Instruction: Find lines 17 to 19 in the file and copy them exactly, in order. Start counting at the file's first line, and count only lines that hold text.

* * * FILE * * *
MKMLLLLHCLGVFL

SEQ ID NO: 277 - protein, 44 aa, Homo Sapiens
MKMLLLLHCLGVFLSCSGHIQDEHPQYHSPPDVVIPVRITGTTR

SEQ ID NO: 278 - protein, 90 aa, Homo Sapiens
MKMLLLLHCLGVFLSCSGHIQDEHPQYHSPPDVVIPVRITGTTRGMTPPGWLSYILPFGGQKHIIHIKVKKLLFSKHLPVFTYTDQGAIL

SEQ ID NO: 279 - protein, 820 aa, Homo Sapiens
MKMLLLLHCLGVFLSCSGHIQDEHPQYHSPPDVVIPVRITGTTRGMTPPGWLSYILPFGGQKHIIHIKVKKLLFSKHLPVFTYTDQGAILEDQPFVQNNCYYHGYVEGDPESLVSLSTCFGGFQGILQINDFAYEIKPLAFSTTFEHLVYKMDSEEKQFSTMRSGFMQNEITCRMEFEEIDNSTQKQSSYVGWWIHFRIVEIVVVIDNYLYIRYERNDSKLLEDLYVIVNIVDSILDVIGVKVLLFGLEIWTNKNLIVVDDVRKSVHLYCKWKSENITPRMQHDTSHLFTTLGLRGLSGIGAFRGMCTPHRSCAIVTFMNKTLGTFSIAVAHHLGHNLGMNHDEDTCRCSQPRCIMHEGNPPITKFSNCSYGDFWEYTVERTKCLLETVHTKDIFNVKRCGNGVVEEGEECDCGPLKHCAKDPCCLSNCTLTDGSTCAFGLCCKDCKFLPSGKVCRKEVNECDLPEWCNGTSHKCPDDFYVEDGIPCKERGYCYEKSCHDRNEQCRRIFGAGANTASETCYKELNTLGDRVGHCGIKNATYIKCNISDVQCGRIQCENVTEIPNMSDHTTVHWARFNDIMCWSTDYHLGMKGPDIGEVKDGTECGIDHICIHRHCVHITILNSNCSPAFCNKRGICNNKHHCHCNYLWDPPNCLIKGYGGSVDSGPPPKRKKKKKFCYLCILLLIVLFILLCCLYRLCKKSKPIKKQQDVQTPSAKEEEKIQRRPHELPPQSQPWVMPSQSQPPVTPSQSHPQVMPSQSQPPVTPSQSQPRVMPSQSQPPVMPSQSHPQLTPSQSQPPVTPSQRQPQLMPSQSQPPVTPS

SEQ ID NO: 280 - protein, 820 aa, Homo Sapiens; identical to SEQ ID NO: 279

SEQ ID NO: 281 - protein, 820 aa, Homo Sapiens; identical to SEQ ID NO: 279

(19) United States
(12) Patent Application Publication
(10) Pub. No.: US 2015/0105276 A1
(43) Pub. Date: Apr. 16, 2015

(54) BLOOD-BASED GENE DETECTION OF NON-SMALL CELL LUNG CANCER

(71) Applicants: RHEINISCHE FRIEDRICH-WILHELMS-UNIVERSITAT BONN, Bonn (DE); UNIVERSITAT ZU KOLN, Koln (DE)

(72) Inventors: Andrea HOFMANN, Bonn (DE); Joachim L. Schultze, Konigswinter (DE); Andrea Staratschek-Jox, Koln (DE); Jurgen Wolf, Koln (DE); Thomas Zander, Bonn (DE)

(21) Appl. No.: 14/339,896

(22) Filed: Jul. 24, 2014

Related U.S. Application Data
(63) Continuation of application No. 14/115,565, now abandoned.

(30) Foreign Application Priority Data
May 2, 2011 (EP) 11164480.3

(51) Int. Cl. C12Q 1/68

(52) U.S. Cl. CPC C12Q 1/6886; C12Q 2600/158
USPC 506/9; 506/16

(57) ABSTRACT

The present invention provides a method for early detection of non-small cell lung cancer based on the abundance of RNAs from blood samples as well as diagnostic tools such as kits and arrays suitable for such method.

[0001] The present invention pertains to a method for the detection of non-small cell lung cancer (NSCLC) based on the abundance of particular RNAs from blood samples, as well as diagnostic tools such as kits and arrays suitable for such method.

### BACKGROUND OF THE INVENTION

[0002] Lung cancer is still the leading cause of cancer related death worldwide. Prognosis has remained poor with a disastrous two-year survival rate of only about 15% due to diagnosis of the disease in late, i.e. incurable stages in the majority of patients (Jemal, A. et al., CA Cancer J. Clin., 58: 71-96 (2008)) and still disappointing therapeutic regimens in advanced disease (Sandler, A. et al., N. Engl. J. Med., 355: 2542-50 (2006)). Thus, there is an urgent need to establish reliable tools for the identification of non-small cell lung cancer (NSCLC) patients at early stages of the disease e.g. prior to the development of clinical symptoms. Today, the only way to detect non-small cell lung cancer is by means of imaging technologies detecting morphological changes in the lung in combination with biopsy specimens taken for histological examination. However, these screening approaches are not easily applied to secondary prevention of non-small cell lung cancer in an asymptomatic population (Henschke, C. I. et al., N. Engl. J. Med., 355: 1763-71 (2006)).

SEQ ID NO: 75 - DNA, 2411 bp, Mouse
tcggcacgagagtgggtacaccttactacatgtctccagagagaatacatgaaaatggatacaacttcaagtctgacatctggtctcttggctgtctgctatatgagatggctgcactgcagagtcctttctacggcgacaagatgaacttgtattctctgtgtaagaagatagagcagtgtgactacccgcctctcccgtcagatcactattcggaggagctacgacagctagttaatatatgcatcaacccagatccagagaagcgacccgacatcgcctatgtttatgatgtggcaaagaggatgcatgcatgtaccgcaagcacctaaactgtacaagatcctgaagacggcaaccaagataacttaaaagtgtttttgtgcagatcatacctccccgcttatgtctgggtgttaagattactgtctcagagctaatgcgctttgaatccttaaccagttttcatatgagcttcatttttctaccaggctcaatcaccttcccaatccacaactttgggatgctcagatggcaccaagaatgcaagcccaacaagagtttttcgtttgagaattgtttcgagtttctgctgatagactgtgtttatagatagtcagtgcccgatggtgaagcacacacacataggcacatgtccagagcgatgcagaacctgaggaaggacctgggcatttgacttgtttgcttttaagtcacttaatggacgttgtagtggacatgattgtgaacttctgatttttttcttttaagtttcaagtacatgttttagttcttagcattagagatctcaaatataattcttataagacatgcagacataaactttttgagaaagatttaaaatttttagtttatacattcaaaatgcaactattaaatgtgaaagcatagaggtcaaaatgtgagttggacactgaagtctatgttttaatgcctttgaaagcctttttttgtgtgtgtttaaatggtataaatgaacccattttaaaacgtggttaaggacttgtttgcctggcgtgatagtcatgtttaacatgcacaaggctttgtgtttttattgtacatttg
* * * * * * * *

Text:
(21) Appl. No.: 14/339,896

(22) Filed: Jul. 24, 2014

Related U.S. Application Data